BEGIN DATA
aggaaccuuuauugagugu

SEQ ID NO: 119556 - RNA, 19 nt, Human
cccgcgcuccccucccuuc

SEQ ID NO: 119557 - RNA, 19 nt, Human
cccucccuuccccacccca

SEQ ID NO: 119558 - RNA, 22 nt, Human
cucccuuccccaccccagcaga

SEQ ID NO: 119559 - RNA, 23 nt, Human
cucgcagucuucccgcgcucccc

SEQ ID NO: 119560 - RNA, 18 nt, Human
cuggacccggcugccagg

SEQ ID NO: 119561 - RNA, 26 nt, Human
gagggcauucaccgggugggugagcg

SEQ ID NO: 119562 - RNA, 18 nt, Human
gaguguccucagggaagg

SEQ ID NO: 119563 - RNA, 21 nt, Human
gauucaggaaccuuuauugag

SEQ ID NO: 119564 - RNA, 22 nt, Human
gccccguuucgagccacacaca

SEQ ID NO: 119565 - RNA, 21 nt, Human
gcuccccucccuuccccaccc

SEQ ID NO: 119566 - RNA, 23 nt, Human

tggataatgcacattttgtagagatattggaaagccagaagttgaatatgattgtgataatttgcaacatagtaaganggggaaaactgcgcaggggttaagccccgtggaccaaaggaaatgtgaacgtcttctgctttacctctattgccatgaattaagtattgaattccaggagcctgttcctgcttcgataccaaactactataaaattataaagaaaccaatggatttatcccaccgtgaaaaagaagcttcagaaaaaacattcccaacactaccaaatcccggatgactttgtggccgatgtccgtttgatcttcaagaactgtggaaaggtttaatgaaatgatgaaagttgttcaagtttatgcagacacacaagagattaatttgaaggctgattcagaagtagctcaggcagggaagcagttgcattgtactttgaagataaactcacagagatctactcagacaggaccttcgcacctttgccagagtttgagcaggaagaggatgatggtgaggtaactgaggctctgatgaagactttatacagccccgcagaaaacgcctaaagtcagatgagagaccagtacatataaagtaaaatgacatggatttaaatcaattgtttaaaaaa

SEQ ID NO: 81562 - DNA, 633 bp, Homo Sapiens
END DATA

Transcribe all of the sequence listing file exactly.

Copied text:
aggaaccuuuauugagugu

SEQ ID NO: 119556 - RNA, 19 nt, Human
cccgcgcuccccucccuuc

SEQ ID NO: 119557 - RNA, 19 nt, Human
cccucccuuccccacccca

SEQ ID NO: 119558 - RNA, 22 nt, Human
cucccuuccccaccccagcaga

SEQ ID NO: 119559 - RNA, 23 nt, Human
cucgcagucuucccgcgcucccc

SEQ ID NO: 119560 - RNA, 18 nt, Human
cuggacccggcugccagg

SEQ ID NO: 119561 - RNA, 26 nt, Human
gagggcauucaccgggugggugagcg

SEQ ID NO: 119562 - RNA, 18 nt, Human
gaguguccucagggaagg

SEQ ID NO: 119563 - RNA, 21 nt, Human
gauucaggaaccuuuauugag

SEQ ID NO: 119564 - RNA, 22 nt, Human
gccccguuucgagccacacaca

SEQ ID NO: 119565 - RNA, 21 nt, Human
gcuccccucccuuccccaccc

SEQ ID NO: 119566 - RNA, 23 nt, Human

tggataatgcacattttgtagagatattggaaagccagaagttgaatatgattgtgataatttgcaacatagtaaganggggaaaactgcgcaggggttaagccccgtggaccaaaggaaatgtgaacgtcttctgctttacctctattgccatgaattaagtattgaattccaggagcctgttcctgcttcgataccaaactactataaaattataaagaaaccaatggatttatcccaccgtgaaaaagaagcttcagaaaaaacattcccaacactaccaaatcccggatgactttgtggccgatgtccgtttgatcttcaagaactgtggaaaggtttaatgaaatgatgaaagttgttcaagtttatgcagacacacaagagattaatttgaaggctgattcagaagtagctcaggcagggaagcagttgcattgtactttgaagataaactcacagagatctactcagacaggaccttcgcacctttgccagagtttgagcaggaagaggatgatggtgaggtaactgaggctctgatgaagactttatacagccccgcagaaaacgcctaaagtcagatgagagaccagtacatataaagtaaaatgacatggatttaaatcaattgtttaaaaaa

SEQ ID NO: 81562 - DNA, 633 bp, Homo Sapiens